ST. PAUL, Minn. (AP) — The case of Koua Fong Lee, a Toyota driver imprisoned for a crash that killed three people, has spurred a grass roots movement among people who believe the St. Paul man is innocent.
More than 5,500 people have signed up for a "Free Koua Fong Lee" page on Facebook, created by a Los Angeles man. Volunteers with the Innocence Project of Minnesota have helped gather evidence to back up his bid for a new trial. His supporters include Trudy Baltazar, a 50-year-old mother from suburban Cottage Grove, who said she had never been in a protest, let along organized one. Until now.
Lee, 32, is serving an eight-year prison sentence for criminal vehicular homicide for a 2006 crash involving his 1996 Toyota Camry. A judge has scheduled an Aug. 2 hearing on Lee's motion for a new trial. He insists he did everything he could to stop before his car smashed into an Oldsmobile as it exited Interstate 94 at high speed. His attorneys say they believe Lee's 1996 Camry experienced sudden unintended acceleration, a problem for which Toyota has recalled some 8 million vehicles, though none as old as Lee's.
Baltazar spent two weeks drumming up support for a demonstration Monday afternoon outside the Ramsey County attorney's office, the St. Paul Pioneer Press reported. Dozens of people showed up, carrying signs that said "Free Koua" and "Let Justice Prevail." Baltazar said she was angry with Ramsey County Attorney Susan Gaertner for opposing a new trial.
"For a man who did nothing wrong to be separated from his family like this is, to me, unacceptable," Baltazar said. "And it should be unacceptable to Susan Gaertner, too."
In court filings, Gaertner has argued that information submitted by the defense — including affidavits from several dozen drivers of Camrys that experienced sudden acceleration — does not constitute the kind of new evidence required under Minnesota law to obtain a new trial.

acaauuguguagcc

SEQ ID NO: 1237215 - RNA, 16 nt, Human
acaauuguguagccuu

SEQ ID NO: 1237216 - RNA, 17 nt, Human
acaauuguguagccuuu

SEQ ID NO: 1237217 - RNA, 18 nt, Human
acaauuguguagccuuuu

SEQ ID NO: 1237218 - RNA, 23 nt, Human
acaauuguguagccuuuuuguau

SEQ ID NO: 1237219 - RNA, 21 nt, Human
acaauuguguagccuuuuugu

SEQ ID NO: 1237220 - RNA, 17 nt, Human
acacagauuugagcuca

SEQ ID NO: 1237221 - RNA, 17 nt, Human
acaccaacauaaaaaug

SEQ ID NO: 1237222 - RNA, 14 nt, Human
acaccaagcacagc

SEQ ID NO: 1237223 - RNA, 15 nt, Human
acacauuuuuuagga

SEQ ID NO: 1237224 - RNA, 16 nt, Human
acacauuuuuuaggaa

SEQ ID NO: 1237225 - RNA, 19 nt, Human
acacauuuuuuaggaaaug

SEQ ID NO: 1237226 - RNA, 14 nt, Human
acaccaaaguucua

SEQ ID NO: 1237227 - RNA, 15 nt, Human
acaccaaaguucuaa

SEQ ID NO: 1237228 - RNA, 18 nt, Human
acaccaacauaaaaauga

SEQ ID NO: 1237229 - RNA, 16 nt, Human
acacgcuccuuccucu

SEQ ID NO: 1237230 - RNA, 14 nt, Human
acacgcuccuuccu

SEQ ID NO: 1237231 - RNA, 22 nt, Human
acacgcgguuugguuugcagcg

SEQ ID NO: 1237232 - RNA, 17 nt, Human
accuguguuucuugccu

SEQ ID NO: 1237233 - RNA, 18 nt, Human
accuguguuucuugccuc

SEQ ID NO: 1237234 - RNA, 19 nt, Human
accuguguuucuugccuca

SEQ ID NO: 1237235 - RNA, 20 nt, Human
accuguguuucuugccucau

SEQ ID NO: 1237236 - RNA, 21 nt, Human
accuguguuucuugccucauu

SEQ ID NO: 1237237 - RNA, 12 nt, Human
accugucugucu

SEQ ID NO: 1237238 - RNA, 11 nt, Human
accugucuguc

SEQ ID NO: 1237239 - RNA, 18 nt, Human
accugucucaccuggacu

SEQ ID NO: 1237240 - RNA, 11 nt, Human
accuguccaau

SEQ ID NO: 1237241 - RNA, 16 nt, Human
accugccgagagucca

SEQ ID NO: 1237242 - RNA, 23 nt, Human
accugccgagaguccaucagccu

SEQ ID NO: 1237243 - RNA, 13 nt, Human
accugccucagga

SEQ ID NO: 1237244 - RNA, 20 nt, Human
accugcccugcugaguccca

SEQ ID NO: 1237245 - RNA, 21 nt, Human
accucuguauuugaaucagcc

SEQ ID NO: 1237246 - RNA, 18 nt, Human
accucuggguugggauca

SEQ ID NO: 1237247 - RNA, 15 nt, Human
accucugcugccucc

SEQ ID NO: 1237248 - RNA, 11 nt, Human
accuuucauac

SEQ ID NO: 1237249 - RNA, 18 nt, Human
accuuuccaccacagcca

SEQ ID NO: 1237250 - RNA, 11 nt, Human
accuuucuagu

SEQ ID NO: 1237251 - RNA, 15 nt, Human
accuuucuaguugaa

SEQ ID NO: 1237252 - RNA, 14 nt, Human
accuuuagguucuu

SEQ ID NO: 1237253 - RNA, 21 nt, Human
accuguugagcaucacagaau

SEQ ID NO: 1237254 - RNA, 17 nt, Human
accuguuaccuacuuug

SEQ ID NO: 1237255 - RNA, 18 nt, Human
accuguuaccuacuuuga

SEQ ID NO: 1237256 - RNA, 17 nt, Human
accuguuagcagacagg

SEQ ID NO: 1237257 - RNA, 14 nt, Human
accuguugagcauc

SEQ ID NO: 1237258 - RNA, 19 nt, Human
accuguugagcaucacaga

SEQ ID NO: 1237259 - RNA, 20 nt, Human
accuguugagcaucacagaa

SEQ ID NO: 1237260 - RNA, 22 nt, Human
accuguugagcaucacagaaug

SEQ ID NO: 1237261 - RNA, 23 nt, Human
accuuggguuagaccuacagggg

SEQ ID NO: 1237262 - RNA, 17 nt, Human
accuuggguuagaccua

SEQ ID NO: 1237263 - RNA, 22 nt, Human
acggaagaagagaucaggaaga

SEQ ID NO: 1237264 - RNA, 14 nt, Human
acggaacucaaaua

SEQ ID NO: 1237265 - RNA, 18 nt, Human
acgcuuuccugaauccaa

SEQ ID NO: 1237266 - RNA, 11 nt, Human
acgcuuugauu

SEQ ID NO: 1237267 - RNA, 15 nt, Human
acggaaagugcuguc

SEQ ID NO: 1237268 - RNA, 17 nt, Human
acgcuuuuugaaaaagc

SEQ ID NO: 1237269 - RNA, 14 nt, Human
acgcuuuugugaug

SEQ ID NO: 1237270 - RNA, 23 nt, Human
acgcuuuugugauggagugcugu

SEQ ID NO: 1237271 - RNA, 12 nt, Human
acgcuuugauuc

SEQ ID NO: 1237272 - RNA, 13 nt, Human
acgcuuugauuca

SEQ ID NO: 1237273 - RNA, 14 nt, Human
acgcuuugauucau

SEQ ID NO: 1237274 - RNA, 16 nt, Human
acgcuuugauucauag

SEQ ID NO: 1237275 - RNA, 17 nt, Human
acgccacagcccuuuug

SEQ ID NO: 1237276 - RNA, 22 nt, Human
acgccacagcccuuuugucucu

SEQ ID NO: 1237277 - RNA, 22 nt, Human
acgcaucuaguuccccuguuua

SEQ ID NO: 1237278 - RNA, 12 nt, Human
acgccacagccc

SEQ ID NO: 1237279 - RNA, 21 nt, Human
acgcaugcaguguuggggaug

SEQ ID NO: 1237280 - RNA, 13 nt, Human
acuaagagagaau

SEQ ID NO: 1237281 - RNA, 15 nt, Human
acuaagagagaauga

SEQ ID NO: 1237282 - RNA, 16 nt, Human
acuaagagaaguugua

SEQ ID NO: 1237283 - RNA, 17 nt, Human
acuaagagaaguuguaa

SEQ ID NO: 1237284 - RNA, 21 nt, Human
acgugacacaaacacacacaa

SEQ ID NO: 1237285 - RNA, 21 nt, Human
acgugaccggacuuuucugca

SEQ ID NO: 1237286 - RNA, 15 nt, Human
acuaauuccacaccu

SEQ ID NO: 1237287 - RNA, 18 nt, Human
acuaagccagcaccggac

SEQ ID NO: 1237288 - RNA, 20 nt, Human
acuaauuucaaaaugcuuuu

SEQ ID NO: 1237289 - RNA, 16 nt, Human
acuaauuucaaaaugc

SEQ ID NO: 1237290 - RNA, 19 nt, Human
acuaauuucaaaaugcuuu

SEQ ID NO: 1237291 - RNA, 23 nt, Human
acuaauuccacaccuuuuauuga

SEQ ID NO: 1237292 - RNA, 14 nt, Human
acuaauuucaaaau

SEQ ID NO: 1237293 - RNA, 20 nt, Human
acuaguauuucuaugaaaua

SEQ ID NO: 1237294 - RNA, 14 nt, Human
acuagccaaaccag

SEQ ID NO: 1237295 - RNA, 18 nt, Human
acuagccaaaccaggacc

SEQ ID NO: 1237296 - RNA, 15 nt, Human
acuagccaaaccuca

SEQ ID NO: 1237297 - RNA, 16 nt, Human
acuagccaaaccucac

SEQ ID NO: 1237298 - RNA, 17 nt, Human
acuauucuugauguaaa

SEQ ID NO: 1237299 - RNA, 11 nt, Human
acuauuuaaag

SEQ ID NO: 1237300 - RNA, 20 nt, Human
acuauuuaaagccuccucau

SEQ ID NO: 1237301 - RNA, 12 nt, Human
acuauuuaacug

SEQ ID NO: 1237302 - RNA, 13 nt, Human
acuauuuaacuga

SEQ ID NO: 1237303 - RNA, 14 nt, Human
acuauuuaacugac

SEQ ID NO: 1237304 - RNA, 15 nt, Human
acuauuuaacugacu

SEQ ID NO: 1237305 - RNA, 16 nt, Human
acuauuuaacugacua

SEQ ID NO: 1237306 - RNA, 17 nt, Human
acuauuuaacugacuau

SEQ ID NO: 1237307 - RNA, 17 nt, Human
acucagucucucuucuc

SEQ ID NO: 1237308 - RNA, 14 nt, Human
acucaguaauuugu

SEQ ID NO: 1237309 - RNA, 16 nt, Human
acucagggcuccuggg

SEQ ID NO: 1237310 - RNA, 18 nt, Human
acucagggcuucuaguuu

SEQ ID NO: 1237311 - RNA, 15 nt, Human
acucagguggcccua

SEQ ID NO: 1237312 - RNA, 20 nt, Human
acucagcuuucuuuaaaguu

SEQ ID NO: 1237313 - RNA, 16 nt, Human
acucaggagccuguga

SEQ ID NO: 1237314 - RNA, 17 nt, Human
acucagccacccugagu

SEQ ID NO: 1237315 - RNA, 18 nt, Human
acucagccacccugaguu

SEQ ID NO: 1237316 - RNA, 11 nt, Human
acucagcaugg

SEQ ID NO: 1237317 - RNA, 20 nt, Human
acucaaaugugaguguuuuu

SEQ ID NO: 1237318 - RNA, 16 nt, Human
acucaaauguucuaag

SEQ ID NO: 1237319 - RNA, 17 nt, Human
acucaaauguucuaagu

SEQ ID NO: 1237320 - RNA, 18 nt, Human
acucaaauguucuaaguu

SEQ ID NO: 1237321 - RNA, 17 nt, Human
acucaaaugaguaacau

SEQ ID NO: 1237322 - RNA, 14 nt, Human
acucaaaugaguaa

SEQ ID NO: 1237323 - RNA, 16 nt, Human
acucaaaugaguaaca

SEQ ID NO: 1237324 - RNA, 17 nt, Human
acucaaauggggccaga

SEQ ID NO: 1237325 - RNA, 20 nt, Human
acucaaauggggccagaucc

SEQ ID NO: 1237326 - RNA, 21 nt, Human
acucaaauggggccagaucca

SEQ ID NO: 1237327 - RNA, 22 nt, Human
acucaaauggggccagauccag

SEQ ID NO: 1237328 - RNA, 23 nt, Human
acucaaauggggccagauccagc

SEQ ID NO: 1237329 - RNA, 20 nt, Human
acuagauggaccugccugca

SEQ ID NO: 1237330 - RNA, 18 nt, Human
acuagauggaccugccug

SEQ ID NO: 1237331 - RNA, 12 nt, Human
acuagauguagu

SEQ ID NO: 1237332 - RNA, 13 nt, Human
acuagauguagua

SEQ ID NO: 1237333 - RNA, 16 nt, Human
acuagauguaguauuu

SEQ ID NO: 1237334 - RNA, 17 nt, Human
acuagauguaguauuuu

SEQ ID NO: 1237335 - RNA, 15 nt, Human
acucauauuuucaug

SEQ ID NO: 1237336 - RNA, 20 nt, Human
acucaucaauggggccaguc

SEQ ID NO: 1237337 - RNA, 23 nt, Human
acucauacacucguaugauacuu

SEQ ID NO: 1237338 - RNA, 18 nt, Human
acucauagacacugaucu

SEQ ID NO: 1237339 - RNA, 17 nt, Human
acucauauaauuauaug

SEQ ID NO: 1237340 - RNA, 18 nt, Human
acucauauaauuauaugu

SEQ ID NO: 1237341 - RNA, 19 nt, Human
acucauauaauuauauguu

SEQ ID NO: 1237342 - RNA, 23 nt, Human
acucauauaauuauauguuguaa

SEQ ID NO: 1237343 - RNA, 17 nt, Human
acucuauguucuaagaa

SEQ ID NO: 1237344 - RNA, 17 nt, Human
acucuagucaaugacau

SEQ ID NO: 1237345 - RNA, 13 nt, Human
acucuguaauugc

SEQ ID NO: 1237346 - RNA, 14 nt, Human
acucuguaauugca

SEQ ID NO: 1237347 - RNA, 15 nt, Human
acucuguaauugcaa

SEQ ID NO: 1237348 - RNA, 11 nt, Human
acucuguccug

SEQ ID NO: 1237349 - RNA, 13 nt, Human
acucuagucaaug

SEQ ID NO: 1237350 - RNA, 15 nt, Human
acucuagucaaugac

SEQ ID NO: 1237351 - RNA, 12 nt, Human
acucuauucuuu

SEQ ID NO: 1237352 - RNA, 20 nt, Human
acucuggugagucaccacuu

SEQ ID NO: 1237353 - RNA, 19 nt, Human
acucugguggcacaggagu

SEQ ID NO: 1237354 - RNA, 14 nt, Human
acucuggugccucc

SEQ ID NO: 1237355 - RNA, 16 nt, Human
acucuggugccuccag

Two experts hired by her office who re-examined Lee's car in April said they found no evidence of sudden acceleration.
Family members of the victims have said they believe Lee is innocent and are suing Toyota.
Judge Joanne Smith has scheduled an Aug. 2 evidentiary hearing for both sides to present their arguments on whether Lee should get a new trial.
Gaertner said the public sentiment is not surprising, "given the tone of the media accounts of this case," which she said have been pro-Lee. She said she could not estimate how many calls, letters and e-mails she and her staff have received regarding the Lee case. But she said she would not be swayed by public pleas.
"It would be a very sad day if I or the justice system in general started making decisions based on the popular mood," Gaertner said. "People who are sympathetic, people who capture the imagination of the press or the public, cannot be treated differently than unsympathetic figures. There's a reason we have the rule of law in our country."
Like Baltazar, Andrew Gwynn, 30, has never met Lee. The Rochester native — who now works as a music producer, recording engineer and songwriter in Los Angeles — said he got motivated to start the "Free Koua Fong Lee" Facebook page after seeing a report on Lee on ABC's Nightline.
"That very night, about 20 minutes later, I went to the computer and did that," Gwynn said. "There was nothing on Facebook, and I said, 'I'm going to stand up for this guy.' It just takes 10 seconds to make a page like that."
People have signed up for the page from all over the world, first from the Minnesota Hmong community, he said, then from as far as New Zealand, Australia and Israel.
"Then it became like this personal thing for me," he said. "My clients tell me, 'How do you have time for that? You work 16 hours a day.' It's what I do before I go to work, what I do after I get home ... responding to posts, searching the Web for more information, blogs.
"I want to win it," Gwynn said. "I can't give up now. We're so close."
Koua Fong Lee's sister-in-law, Kong Chee Vang, of St. Paul, said Lee's wife and family have been heartened to know that so many others are in Lee's corner.
"When Koua's wife heard there were people protesting to support Koua, it brought tears to her eyes," Vang said. "Seeing people believe in Koua makes a big difference. It's a wonderful feeling, that we have people who care."